The cellphone carrier’s MuveMusic service has helped labels tap a vast underserved audience: people who can’t afford computers. Muve users can download songs directly to their phones. In less than a year it has grown to more than 500,000 subscribers.
Cricket Communications’ MuveMusic service is doing so well that music labels are using Cricket as a platform for introducing up-and-coming artists. Above, pop singer Jason Derulo gives Muve subscribers a free concert in Chicago. (Joel Wintermantle, Chicago Tribune / December 10, 2011)
For the embattled music industry, hope lies inside a small corner store in the City Heights section of San Diego.
In a neighborhood chock-full of Mexican, Vietnamese and Somalian restaurants, Larry Woelfel, a 40-year-old unemployed lab technician, waited with two dozen customers to buy cellphones and service from a San Diego company called Cricket Wireless.
By also signing up for Cricket’s MuveMusic digital music service, Woelfel illustrates Cricket’s emergence as one of the music industry’s best hopes for tapping a vast underserved audience. (more…)
FORTUNE — Netflix isn’t the only the web streaming service out there. As consumers migrate from physical to digital media, more companies are rushing to meet their needs. Apple has a robust media ecosystem in iTunes. Amazon conveniently rolls its recently-beefed up service into Amazon Prime. Now, DVD kiosk provider Redbox is getting into the market. And the race is only going to get more competitive. Here are the players vying to tale Netflix’s crown.
Angola is offering financial aid to debt-ridden Portugal. The Economist recently declared Africa a “hopeful continent” after years of writing it off as “hopeless.” More than a million Chinese are in Africa exploring opportunities in villages and cities. The continent is attracting top global brands and has a growing middle class. There’s a sense of upbeat optimism with possibilities that seem endless. As the lions roar from Kenya to Ghana, and cheetahs from South Africa to Mali, young Africans are unleashing their entrepreneurial energy and most governments are offering stronger leadership, a more business-friendly economy, and less corruption.
But, Africa is not an isolated island in the world, and ongoing uncertainty with some of its trading partners could imperil any sustainable progress. A trade shock is just around the corner, as the continent remains reliant on a mineral-based economy. And new, rosy economic statistics have not managed to stop strikes, riots, and other protests, which are the result of the continued reality of economic inequality. What’s more, Africa is complex, fragmented and multicultural. What works in Nigeria is not guaranteed to work in Kenya. (more…)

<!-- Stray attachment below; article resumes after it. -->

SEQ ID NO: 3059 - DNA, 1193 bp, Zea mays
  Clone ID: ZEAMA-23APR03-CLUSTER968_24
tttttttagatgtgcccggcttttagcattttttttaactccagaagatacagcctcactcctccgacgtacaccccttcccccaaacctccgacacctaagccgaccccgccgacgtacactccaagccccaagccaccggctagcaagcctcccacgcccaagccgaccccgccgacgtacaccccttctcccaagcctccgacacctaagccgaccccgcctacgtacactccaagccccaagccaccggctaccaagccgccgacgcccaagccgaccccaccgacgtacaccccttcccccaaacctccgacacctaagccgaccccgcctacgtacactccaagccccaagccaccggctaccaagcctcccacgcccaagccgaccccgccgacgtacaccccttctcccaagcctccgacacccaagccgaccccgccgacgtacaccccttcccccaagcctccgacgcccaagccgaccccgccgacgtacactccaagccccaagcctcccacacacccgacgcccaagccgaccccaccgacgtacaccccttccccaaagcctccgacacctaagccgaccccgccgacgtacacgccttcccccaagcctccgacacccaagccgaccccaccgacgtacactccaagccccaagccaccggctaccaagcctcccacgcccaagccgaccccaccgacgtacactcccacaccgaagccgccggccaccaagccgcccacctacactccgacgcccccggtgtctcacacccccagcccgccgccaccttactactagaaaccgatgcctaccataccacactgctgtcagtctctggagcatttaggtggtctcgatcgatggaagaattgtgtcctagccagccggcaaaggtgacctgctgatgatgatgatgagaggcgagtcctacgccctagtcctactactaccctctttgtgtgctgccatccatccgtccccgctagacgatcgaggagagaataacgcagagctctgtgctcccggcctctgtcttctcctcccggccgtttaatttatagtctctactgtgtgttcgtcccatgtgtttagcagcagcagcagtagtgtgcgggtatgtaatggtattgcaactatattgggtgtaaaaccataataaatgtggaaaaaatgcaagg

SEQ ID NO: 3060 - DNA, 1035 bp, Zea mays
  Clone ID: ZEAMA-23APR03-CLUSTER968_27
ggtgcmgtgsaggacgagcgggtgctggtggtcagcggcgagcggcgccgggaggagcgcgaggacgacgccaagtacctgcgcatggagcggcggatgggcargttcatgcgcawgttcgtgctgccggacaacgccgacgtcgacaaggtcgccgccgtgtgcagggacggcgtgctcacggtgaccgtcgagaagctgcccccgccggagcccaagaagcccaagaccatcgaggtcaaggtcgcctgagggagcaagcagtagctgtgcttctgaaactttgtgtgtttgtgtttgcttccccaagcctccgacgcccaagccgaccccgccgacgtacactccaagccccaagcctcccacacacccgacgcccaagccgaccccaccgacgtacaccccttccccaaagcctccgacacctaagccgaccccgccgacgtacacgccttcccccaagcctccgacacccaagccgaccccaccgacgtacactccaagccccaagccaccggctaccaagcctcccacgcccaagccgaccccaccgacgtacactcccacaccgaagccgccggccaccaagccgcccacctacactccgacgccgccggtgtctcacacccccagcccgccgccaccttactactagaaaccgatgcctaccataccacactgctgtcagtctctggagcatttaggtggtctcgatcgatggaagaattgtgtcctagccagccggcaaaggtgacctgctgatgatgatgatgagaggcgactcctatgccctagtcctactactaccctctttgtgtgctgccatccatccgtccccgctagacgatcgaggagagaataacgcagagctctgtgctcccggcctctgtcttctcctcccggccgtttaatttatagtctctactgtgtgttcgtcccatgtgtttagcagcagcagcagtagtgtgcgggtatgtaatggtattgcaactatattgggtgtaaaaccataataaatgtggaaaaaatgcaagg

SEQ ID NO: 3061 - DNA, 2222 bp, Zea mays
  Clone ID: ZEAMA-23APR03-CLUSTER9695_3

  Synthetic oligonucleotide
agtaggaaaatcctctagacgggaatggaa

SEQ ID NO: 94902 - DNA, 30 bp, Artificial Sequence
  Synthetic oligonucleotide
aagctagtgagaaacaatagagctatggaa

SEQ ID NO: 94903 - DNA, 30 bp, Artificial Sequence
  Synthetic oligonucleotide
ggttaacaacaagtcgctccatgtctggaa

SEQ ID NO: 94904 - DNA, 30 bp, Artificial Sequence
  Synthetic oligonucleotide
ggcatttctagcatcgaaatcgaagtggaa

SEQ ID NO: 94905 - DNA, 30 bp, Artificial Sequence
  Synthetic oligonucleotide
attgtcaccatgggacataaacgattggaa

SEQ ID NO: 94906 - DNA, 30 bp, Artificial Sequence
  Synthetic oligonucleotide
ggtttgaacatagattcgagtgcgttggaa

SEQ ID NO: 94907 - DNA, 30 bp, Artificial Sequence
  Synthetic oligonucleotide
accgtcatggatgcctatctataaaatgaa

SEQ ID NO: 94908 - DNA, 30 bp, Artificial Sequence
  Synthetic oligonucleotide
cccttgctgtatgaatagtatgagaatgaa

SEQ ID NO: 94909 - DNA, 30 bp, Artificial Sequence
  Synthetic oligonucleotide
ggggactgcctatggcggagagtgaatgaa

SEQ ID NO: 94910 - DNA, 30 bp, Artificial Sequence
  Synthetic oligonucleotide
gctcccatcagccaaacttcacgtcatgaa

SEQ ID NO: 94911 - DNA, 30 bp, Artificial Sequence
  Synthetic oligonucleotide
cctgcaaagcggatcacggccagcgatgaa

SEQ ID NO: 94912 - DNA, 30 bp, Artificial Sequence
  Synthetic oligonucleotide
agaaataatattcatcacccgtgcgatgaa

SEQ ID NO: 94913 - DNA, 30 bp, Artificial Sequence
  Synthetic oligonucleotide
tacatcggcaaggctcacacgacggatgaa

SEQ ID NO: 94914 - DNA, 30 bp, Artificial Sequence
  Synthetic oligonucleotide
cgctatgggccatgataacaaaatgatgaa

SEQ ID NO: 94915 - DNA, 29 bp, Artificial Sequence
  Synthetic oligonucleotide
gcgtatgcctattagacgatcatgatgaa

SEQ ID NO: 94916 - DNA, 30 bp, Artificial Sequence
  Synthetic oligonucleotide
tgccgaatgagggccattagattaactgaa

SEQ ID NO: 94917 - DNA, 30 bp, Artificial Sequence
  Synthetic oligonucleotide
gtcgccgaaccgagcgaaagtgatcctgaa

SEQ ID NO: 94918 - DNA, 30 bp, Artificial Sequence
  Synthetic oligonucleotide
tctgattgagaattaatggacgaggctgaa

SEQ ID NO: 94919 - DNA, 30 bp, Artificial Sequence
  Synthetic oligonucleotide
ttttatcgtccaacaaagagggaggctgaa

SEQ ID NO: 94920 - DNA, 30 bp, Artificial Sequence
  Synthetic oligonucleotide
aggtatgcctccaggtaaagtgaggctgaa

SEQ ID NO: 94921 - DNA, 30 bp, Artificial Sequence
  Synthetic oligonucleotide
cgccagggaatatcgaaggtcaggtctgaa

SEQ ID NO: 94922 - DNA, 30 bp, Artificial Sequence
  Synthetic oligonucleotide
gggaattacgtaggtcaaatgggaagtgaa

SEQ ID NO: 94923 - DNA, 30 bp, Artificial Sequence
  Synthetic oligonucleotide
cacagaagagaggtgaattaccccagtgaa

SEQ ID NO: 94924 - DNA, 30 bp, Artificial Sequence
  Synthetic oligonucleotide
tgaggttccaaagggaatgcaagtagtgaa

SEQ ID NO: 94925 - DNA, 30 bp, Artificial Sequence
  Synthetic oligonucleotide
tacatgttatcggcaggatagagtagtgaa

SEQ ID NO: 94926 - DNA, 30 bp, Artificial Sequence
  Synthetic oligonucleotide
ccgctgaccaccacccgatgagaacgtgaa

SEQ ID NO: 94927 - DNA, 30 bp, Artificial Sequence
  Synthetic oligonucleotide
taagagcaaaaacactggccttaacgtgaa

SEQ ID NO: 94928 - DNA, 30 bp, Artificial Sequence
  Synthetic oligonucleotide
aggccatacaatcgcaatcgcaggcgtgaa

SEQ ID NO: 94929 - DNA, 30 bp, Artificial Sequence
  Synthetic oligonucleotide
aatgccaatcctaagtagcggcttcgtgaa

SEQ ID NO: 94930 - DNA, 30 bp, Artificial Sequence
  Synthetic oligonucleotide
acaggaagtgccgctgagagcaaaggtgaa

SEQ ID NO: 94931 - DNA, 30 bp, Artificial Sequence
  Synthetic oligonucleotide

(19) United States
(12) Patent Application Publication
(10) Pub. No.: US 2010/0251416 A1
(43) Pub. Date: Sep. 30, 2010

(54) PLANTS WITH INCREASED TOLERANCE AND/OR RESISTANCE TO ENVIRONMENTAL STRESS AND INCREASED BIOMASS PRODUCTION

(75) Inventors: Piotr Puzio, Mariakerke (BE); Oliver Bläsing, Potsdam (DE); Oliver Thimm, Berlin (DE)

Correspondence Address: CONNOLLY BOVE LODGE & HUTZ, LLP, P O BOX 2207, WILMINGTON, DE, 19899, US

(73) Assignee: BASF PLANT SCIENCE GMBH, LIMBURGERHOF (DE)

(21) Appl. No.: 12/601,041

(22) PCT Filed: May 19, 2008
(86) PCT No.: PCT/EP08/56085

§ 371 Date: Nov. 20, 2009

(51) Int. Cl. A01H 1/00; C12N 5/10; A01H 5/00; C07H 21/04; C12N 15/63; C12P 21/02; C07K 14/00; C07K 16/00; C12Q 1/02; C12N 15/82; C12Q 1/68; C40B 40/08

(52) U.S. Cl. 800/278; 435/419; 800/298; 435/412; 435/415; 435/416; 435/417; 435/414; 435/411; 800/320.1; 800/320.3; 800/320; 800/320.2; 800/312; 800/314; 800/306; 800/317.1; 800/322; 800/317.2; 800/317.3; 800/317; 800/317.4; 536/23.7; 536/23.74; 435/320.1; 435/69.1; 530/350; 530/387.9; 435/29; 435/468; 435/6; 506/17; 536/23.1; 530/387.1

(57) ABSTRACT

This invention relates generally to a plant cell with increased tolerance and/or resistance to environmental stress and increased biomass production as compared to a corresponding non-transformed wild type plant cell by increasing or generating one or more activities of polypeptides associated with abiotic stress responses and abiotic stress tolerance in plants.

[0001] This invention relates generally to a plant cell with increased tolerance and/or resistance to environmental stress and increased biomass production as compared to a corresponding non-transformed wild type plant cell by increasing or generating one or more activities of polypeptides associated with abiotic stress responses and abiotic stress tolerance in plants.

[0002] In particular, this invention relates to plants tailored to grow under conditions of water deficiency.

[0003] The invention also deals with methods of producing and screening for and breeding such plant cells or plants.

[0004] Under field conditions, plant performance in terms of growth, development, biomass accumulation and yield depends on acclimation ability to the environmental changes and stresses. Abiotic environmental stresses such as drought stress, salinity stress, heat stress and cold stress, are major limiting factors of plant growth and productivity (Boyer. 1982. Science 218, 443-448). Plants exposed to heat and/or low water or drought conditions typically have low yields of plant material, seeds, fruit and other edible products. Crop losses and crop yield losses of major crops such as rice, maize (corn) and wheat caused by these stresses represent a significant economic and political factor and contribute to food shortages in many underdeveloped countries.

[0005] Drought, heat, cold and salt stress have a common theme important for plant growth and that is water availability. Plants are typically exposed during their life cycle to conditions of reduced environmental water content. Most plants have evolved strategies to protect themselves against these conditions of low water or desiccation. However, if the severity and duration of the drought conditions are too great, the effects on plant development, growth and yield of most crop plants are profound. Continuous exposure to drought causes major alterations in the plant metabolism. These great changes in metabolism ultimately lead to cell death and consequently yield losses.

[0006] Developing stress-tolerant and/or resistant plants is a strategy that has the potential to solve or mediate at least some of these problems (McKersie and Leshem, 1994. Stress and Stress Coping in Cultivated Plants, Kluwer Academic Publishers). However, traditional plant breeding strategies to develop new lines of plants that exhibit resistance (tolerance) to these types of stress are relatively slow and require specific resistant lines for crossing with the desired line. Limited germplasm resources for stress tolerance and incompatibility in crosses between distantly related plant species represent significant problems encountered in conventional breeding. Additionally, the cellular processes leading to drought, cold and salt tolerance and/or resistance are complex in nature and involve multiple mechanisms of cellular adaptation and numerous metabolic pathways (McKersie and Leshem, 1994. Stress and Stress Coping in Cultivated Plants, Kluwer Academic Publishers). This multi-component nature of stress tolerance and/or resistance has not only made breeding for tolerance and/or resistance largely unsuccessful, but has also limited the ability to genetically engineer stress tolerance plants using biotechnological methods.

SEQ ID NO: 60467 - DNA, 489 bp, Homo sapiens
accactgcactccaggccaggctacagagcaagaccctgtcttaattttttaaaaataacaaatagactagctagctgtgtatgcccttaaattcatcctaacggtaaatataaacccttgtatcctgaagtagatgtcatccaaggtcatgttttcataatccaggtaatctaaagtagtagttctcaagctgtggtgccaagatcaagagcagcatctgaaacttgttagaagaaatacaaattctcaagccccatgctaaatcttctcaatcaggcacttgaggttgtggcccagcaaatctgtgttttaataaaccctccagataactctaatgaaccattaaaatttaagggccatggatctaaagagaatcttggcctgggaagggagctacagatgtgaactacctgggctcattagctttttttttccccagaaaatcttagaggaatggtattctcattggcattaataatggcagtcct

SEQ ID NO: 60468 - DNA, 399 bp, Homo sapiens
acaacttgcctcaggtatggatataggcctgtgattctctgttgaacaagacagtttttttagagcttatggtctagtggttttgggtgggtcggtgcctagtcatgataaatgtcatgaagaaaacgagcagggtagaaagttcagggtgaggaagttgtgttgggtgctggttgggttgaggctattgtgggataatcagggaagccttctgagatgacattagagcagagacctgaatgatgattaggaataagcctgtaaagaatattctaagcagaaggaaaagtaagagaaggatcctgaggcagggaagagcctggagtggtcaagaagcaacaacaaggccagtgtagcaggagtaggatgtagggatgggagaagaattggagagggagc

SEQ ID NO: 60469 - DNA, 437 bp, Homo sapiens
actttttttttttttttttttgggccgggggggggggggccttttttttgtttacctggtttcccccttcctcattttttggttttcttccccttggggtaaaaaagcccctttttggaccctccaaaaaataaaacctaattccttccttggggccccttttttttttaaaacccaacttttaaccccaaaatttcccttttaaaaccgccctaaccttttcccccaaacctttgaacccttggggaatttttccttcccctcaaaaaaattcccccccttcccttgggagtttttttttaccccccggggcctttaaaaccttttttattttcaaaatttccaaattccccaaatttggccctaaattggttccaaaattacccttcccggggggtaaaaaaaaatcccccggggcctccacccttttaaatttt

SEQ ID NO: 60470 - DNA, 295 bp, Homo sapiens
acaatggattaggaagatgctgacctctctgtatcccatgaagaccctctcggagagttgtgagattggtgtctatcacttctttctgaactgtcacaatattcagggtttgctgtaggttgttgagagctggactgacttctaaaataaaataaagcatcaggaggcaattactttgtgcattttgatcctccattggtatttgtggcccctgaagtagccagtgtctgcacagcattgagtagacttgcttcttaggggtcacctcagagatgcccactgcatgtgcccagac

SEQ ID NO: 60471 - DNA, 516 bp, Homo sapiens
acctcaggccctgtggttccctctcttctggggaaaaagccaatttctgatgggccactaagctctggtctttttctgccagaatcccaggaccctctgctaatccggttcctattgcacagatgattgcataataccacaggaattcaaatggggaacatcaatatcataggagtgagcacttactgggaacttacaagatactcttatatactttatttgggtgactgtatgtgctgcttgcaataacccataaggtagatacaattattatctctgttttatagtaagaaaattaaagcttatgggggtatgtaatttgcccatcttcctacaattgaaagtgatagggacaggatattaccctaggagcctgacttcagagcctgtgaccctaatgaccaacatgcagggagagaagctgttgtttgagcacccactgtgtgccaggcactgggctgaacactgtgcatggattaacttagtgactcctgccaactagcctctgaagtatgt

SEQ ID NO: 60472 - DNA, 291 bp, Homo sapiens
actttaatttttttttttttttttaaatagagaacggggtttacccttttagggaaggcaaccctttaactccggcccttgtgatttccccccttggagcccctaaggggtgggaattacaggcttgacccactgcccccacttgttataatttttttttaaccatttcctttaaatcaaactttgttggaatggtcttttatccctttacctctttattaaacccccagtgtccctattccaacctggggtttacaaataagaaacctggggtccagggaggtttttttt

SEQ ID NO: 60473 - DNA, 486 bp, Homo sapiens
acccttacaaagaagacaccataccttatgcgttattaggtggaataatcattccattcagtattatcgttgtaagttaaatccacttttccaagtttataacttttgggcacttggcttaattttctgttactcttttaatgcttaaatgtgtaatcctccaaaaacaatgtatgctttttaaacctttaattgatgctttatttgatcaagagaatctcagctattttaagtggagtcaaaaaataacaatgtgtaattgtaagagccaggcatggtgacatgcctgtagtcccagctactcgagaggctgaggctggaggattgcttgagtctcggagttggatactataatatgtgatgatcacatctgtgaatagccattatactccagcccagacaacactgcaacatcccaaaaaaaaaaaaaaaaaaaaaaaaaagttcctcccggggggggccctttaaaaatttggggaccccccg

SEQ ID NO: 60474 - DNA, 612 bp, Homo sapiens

Facebook’s No. 2 executive, Sheryl Sandberg, will reap a fortune in its stock offering. And she hasn’t stopped telling the world how women should take responsibility for their careers.
By NICOLE PERLROTH and CLAIRE CAIN MILLER
Published: February 4, 2012
Yes, Ms. Sandberg is Mark Zuckerberg’s No. 2. And, yes, if all goes well, she will soon become the $1.6 billion woman. On Wednesday, Facebook filed to go public in a deal that, in all likelihood, will instantly make it one of the most valuable corporations on the planet.
Haraz N. Ghanbari/Associated Press
Sheryl Sandberg, chief operating officer of Facebook, with Jeffrey Immelt, left, chairman of General Electric.
But Ms. Sandberg, who has helped steer this social network to this once-unimaginable height, had more on her mind than securities filings and ad metrics. She was attending the annual World Economic Forum, in Davos, Switzerland, where her subject wasn’t Facebook — but women. Specifically, how women, in her view, must take responsibility for their careers and not blame men for holding them back. (more…)
Wilson Chandler has learned to embrace his time in China, including the demands of media and fans, while the N.B.A. goes on without him. He has been playing as a forward for the Zhejiang Lions.
By JIM YARDLEY
Published: February 1, 2012
Wilson Chandler was about six weeks into China, and having mostly acclimated to his strange new life, he wanted a tat. But even at 6-foot-8, Chandler had little available real estate — he already had approximately 100 tattoos, including a tribute inked across his neck to his grandmother Olivia, who raised him in Michigan, which is memorialized on his forearm, not far from the gothic lettering of his nickname, Thrill, stripped across his bicep. So the Chinese tattoo artist had to search before he found a space near Chandler’s left elbow. There he slowly etched “Qian De Le,” the Mandarin rendering of Chandler’s name, into his skin. A few mildly painful minutes later, China was indelibly stamped onto Chandler. (more…)